The passenger killed in Wednesday’s train crash had been travelling to work in Fife for one of his final shifts as a tug boat master.
Christopher Stuchbury was one of three people killed when the train derailed near Stonehaven.
Train driver Brett McCullough and conductor Donald Dinnie also lost their lives.
Mr Stuchbury was a tug boat master working out of Rosyth on the Firth of Forth for Targe, a firm he had worked with for 24 years.
The firm did not want to comment yesterday but a source said he was “much admired and liked” by his colleagues.
The 62-year-old had previously lived in Blairgowrie with his wife Helen and two children, Neil and Faye.
He was a keen cricketer and played for Coupar Angus.
Educated at Lossiemouth High School, he returned to the northeast and settled in Aberdeen more than a decade ago, after Helen died suddenly in 2006.
His mother, Molly, still lives in Burghead, where she brought up Mr Stuchbury and his sister Fiona after their father passed away at a relatively young age.
She was being comforted by friends yesterday.
After leaving school, Mr Stuchbury studied at Glasgow College of Nautical Studies.
None of the family wanted to speak yesterday but an old friend at Coupar Angus Cricket Club, Gordon Croll, said: “I am sad and shocked Chris was one of life’s good guys and was always such a positive influence at Coupar Angus Cricket Club.
“He was very energetic on the field and an excellent cricketer.
“Chris suffered great sadness when his first wife died leaving him and a young family.
“We often recall former players and Chris’s name often pops up as he was a good guy.
“We always thought as a ship’s captain on the Forth tugs, it was an exciting job, but he was so laid back and enjoyed the banter and social side after games.
“This has taken the wind right out of my sails and had been hoping that all my friends and family were safe.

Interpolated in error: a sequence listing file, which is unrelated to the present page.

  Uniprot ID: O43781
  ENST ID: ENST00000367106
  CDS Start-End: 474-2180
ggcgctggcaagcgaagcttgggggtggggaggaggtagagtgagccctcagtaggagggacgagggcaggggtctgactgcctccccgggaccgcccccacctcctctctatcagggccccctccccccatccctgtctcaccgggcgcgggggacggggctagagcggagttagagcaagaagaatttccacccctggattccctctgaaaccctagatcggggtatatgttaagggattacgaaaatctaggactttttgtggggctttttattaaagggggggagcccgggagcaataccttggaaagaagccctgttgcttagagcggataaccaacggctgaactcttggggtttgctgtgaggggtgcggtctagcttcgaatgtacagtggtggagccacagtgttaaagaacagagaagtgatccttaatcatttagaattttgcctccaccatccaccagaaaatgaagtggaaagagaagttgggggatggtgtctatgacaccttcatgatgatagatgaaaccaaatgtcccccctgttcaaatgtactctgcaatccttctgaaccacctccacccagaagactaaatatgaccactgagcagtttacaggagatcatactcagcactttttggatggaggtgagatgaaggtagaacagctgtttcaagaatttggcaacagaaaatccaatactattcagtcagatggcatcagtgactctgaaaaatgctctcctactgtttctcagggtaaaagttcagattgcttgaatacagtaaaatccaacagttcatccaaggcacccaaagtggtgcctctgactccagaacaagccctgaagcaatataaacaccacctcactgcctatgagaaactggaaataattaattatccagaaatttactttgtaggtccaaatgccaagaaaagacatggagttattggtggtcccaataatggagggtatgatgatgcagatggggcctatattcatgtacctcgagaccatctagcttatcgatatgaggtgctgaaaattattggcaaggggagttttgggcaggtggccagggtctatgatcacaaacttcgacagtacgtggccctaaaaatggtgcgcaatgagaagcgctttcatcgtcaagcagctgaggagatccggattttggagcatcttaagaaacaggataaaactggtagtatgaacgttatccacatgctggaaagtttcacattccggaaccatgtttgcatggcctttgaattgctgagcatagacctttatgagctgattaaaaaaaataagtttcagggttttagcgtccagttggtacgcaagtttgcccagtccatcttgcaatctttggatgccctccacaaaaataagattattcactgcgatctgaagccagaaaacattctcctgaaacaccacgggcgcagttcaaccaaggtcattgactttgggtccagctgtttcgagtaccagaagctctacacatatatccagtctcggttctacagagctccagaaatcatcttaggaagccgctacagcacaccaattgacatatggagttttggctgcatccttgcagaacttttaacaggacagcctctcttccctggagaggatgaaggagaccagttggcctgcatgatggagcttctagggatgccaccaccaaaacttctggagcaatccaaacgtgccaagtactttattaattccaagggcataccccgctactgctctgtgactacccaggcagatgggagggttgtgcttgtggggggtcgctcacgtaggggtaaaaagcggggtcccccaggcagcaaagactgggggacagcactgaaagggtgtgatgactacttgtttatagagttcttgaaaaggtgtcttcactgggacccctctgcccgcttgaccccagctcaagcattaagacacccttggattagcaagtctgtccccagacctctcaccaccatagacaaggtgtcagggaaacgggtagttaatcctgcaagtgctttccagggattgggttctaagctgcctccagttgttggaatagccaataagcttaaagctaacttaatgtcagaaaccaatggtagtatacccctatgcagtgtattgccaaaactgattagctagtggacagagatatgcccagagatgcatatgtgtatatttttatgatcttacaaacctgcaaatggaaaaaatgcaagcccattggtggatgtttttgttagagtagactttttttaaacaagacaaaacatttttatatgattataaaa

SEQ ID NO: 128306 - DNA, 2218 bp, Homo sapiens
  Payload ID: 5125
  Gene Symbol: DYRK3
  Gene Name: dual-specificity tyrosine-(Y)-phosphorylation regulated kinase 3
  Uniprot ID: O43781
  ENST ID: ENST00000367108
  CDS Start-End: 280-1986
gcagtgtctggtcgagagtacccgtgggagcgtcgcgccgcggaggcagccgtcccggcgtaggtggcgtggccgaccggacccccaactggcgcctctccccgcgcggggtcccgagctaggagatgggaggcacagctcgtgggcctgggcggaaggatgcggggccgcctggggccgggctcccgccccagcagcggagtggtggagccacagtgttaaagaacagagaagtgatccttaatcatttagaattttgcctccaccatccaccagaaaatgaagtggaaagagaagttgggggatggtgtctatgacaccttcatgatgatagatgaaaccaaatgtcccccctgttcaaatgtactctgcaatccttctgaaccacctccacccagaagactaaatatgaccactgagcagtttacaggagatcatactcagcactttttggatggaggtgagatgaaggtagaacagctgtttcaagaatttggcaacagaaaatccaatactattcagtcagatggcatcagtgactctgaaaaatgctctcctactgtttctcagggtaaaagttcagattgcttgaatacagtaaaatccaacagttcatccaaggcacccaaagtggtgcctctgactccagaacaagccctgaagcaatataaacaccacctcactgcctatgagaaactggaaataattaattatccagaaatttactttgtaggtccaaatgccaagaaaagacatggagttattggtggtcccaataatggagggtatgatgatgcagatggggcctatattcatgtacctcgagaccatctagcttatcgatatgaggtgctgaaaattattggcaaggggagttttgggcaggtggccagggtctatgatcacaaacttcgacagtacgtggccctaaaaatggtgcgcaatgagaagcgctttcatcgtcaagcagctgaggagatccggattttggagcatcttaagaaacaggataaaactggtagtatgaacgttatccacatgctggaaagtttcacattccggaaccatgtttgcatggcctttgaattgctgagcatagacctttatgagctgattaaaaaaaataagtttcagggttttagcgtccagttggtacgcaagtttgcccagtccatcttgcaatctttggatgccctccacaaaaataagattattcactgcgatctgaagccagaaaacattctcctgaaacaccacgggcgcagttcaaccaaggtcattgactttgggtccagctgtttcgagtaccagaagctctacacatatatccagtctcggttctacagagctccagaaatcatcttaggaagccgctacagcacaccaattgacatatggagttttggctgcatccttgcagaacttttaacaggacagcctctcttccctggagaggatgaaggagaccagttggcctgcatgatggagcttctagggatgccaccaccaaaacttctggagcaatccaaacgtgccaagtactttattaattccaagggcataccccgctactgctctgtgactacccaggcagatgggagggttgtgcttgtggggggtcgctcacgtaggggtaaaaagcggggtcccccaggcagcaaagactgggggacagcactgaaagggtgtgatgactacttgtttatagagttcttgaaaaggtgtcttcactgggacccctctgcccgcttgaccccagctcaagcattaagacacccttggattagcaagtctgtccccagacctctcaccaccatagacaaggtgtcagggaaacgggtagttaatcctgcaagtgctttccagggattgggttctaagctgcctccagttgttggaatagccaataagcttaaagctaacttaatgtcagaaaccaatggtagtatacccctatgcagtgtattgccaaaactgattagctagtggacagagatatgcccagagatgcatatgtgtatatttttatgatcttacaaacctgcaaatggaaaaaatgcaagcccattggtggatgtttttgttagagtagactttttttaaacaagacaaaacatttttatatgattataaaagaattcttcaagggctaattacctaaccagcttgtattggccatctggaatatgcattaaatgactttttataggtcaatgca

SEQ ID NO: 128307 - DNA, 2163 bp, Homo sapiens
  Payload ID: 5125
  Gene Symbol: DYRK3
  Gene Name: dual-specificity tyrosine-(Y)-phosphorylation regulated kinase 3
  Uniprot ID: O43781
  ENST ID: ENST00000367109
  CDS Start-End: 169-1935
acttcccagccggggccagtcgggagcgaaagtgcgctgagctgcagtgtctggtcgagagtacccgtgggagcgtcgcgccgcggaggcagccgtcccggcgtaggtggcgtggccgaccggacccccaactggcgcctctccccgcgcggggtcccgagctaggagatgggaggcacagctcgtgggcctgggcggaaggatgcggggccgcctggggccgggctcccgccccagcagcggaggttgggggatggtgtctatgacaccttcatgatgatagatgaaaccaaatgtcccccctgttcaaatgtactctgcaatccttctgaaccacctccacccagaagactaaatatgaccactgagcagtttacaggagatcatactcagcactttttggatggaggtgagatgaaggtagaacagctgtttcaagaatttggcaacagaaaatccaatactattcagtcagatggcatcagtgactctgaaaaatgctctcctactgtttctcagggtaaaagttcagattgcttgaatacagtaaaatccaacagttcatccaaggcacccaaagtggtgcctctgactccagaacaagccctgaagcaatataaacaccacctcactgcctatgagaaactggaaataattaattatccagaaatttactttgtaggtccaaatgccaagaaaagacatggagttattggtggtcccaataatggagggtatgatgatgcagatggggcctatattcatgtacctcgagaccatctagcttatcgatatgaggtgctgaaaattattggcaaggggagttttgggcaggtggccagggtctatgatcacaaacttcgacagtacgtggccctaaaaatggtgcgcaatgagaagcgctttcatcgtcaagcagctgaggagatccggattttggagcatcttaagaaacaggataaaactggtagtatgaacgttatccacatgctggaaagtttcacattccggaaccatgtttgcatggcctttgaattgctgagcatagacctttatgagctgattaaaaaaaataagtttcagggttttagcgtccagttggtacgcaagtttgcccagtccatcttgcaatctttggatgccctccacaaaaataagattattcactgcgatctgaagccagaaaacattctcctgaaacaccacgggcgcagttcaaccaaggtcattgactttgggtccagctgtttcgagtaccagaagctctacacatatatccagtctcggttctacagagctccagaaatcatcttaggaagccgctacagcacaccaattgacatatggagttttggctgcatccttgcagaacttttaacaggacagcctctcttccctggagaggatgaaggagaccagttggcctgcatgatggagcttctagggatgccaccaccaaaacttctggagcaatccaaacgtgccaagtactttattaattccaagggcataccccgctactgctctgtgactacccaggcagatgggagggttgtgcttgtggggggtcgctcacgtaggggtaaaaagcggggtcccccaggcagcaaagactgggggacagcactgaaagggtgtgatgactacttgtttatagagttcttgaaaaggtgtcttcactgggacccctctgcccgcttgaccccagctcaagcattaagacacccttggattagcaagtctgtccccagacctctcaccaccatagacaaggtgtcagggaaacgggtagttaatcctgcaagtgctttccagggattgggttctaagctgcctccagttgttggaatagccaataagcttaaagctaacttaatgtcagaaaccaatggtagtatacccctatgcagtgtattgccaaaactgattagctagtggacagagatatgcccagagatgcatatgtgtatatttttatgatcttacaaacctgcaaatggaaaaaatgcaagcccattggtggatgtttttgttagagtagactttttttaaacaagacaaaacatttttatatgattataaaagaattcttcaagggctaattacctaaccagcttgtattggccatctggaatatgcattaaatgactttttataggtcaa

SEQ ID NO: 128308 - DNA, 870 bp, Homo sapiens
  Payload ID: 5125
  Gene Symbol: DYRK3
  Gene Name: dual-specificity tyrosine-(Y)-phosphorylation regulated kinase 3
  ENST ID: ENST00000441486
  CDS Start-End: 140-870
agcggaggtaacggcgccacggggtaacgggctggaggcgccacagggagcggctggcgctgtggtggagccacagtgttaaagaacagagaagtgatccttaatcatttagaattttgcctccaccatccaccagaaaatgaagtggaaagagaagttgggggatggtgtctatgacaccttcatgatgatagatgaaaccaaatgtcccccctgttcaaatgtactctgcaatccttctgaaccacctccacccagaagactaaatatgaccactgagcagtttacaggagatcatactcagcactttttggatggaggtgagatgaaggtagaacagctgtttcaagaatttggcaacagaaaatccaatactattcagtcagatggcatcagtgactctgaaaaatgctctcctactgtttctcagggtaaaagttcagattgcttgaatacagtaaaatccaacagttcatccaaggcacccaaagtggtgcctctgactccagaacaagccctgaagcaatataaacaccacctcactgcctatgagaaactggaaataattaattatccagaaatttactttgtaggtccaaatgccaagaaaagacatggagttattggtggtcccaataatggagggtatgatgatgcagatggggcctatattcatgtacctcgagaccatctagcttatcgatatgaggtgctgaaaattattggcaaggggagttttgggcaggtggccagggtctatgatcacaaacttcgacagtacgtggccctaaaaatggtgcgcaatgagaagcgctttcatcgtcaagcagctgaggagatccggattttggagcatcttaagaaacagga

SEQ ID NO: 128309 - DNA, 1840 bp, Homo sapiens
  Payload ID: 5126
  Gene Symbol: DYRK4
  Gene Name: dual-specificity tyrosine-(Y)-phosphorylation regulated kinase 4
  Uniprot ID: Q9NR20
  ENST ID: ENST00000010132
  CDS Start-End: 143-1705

“This is so tragic for all those poor families which have been affected.”
Meanwhile, the family of Mr McCullough paid tribute to “the most decent and loving human being we have ever known”.
In a statement, they said: “Words cannot describe the utterly devastating effect of Brett’s death on his family and friends.
“We have lost a wonderful husband, father and son in the most awful of circumstances.
“Brett was the most decent and loving human being we have ever known and his passing leaves a huge void in all our lives.
“We would like to thank the emergency services for their heroic efforts in helping everyone affected by this tragedy and for all the messages of support and condolence we have received.”
Friends and family also paid respects to “absolute gem” Mr Dinnie.
Cousin Linda Spark, said: “So sad that one of our relatives Donald Dinnie was a victim of the train accident in Aberdeen. Why is it always the good ones?”
The 6.38am Aberdeen to Glasgow Queen Street ScotRail service crashed after heavy rain caused a landslip on the track.
A massive emergency turnout was called to the scene at about 9.40am on Wednesday.
Four of the six patients injured have been discharged from hospital. The other two are in a stable condition.